I had a very difficult time figuring out a blog topic for this month. It has been difficult to think about topics other than COVID-19. Like a lot of you, my usual routine has dramatically changed over the last couple of weeks. Additionally, I find myself having a difficult time concentrating with emotions sometimes fluctuating from fear, anger, grief, and frustration, to hope and pride. Some of my recent days have been occupied by reading a plethora of articles, blogs, or social media posts about COVID-19, being anxious about the next time my husband or I see patients, urging people to practice social distancing and to donate PPE, and contacting family and friends to check on their physical and emotional well-being along with trying to complete some work.
I am currently a Cardiology postdoctoral fellow who has protected time to complete basic science research. I started my postdoctoral research fellowship this academic year and my hope was to immerse myself in basic science research over the next couple of years. I was hoping to have a productive lab experience and find an area that I could ultimately build my future research career. These few years of protected research time are critical to my development as a physician-scientist. From a research perspective, I have recently experienced a multitude of failures and disappointments this year (with some intermittent successes): failed experiments that have required an extensive amount of troubleshooting, rejected papers, triaged grant applications, etc. I know that I am not alone in experiencing the frequent failures that one encounters in research. My usual strategy is to be persistent, keep busy, and continue to move all research projects forward in the hopes that at least one of the projects will be fruitful which is currently difficult to do. A few weeks ago, we were informed that all non-essential experiments should stop and that no new experiments should be started. Fortunately, my lab mentor respected this request and prioritized our health and safety. However, as we reduced our wet lab work to only essential animal experiments that were already started, I could not help but feel grief for the loss of potential research milestones.
The COVID-19 pandemic has further emphasized the societal importance of investing in research endeavors and researchers longtime. There are many articles and commentaries on early career investigators being disheartened by the challenges of an academic research career along with the diminishing pool of physician scientists. The presence of the COVID-19 pandemic has further highlighted the below changes that should be made:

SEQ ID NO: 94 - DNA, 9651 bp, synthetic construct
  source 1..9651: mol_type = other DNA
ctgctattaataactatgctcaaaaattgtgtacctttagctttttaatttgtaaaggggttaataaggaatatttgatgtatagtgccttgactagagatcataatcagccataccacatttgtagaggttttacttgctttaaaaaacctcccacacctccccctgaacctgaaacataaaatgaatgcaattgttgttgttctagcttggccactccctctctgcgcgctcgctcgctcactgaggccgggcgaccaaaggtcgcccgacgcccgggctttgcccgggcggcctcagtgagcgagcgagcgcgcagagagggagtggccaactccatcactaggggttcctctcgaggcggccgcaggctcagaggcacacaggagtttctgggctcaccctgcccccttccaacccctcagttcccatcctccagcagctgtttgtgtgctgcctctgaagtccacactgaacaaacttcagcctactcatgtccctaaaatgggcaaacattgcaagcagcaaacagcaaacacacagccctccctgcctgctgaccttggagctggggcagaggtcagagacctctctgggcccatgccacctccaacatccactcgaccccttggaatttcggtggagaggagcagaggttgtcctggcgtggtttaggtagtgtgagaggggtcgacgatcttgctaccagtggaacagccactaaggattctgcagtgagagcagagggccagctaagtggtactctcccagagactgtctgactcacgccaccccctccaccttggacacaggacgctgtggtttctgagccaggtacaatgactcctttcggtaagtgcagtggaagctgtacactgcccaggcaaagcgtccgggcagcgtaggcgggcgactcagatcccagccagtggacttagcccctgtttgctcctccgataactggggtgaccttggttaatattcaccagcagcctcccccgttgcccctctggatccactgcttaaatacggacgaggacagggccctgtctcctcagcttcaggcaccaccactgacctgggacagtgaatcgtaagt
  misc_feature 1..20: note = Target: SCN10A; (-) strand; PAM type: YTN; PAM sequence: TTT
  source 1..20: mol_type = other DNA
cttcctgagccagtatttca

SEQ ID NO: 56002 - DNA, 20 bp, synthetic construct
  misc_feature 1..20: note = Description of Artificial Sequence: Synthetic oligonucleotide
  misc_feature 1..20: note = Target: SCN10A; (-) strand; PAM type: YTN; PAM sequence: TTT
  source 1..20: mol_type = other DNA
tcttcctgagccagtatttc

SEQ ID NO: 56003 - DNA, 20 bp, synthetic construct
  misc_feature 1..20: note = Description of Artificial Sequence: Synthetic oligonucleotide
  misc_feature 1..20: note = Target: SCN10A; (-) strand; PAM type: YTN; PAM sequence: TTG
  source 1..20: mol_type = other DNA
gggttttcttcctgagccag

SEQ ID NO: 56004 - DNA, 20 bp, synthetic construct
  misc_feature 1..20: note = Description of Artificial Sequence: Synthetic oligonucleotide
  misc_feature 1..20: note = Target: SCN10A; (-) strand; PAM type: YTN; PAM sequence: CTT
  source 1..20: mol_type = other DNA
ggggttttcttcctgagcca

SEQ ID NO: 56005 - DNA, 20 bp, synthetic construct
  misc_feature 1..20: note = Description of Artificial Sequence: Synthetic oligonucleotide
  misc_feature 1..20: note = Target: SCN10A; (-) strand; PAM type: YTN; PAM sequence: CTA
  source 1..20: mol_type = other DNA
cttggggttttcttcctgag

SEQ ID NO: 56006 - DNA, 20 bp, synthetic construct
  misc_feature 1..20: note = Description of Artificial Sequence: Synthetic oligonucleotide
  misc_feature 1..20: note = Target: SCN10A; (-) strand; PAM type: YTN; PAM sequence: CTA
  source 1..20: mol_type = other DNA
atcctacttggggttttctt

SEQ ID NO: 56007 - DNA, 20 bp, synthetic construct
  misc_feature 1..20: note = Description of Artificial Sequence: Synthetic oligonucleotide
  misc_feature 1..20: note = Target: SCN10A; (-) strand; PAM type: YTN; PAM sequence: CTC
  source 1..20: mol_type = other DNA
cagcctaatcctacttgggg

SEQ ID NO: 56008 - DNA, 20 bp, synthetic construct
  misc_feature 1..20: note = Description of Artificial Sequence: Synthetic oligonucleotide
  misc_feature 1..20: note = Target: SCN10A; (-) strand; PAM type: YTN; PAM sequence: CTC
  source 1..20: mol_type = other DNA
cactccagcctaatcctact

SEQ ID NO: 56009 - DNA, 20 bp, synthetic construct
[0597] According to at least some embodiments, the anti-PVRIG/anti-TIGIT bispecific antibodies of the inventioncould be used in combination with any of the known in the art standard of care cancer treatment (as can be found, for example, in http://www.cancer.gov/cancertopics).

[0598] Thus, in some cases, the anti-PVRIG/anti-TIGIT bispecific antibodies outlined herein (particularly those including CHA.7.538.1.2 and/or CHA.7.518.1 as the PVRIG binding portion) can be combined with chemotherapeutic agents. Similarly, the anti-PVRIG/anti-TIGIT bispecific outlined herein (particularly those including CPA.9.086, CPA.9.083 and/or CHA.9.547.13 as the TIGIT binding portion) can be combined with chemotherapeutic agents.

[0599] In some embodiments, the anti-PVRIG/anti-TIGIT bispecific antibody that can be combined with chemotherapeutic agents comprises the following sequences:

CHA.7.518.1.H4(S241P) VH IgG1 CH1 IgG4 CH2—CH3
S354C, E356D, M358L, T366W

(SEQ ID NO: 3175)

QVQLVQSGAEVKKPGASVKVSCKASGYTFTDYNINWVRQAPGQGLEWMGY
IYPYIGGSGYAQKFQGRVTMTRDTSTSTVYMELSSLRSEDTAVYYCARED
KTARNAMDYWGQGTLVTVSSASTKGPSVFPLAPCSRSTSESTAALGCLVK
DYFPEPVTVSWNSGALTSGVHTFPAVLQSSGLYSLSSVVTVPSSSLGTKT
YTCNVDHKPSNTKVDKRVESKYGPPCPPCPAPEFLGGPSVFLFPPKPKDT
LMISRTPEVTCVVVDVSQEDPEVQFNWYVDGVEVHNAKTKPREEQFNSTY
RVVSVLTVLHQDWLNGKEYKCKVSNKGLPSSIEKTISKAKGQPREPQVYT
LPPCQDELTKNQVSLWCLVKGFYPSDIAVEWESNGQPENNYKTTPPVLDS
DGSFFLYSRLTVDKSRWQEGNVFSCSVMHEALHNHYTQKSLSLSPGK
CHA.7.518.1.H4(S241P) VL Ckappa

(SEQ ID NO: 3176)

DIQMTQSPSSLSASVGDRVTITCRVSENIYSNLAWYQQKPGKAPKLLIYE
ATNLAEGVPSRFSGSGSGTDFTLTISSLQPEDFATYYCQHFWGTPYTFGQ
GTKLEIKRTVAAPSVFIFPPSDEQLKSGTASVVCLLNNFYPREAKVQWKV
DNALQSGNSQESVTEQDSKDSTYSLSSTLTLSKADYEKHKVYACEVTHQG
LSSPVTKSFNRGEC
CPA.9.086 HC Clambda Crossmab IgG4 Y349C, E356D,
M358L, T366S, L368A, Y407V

- Increased funding for research: The study of mechanisms of disease along with development of therapies requires extensive time and effort. Multiple valiant researchers are currently studying COVID-19/SARS-CoV-2 with the fundamental goal of saving lives. Continuous societal investment in research will hopefully lead to the prevention of pandemics and earlier development of therapies for various diseases in the future.
- Increased financial and other support for trainees and early career investigators: Supporting early career investigators through training/career development grants, travel awards, local/national/international workshops, and opportunities to present work at national/international meetings will decrease attrition from academic research careers.
- Consideration of changes to the peer review process: The COVID-19 pandemic has emphasized the importance of rapid dissemination of information. While the peer review process is important in trying to only publish scientifically valid results, the process is imperfect. Frequently, the peer review process is inefficient (which is difficult since reviewers and editors are busy). Often there are many additional experiments that are requested for. During a time where completing additional experiments is difficult, I think reviewers should consider whether the request to complete additional experiments is necessary and would change the conclusion or validity of the study. In order to more quickly disseminate findings, many investigators are now putting their publications in preprint servers. However, some investigators have reservations about putting unpublished material on preprint servers while their papers are simultaneously undergoing the peer review process.
- Improve the efficiency of translating basic science research to the bedside: There are several bureaucratic and administrative barriers that impede translating basic science findings to the bedside. Processes that balance patient safety and improve efficiency are needed.
We will continue to learn a lot about how about to improve science and medicine during this time. Stay safe and be kind!
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Sasha Prisco is a Cardiovascular Disease Fellow and Physician-Scientist Trainee at the University of Minnesota. She is currently doing her postdoctoral research fellowship and is studying the molecular mechanisms of right ventricular dysfunction in pulmonary arterial hypertension. She is a member of the Council of Cardiopulmonary, Critical Care, Perioperative and Resuscitation (3CPR). @SashaPrisco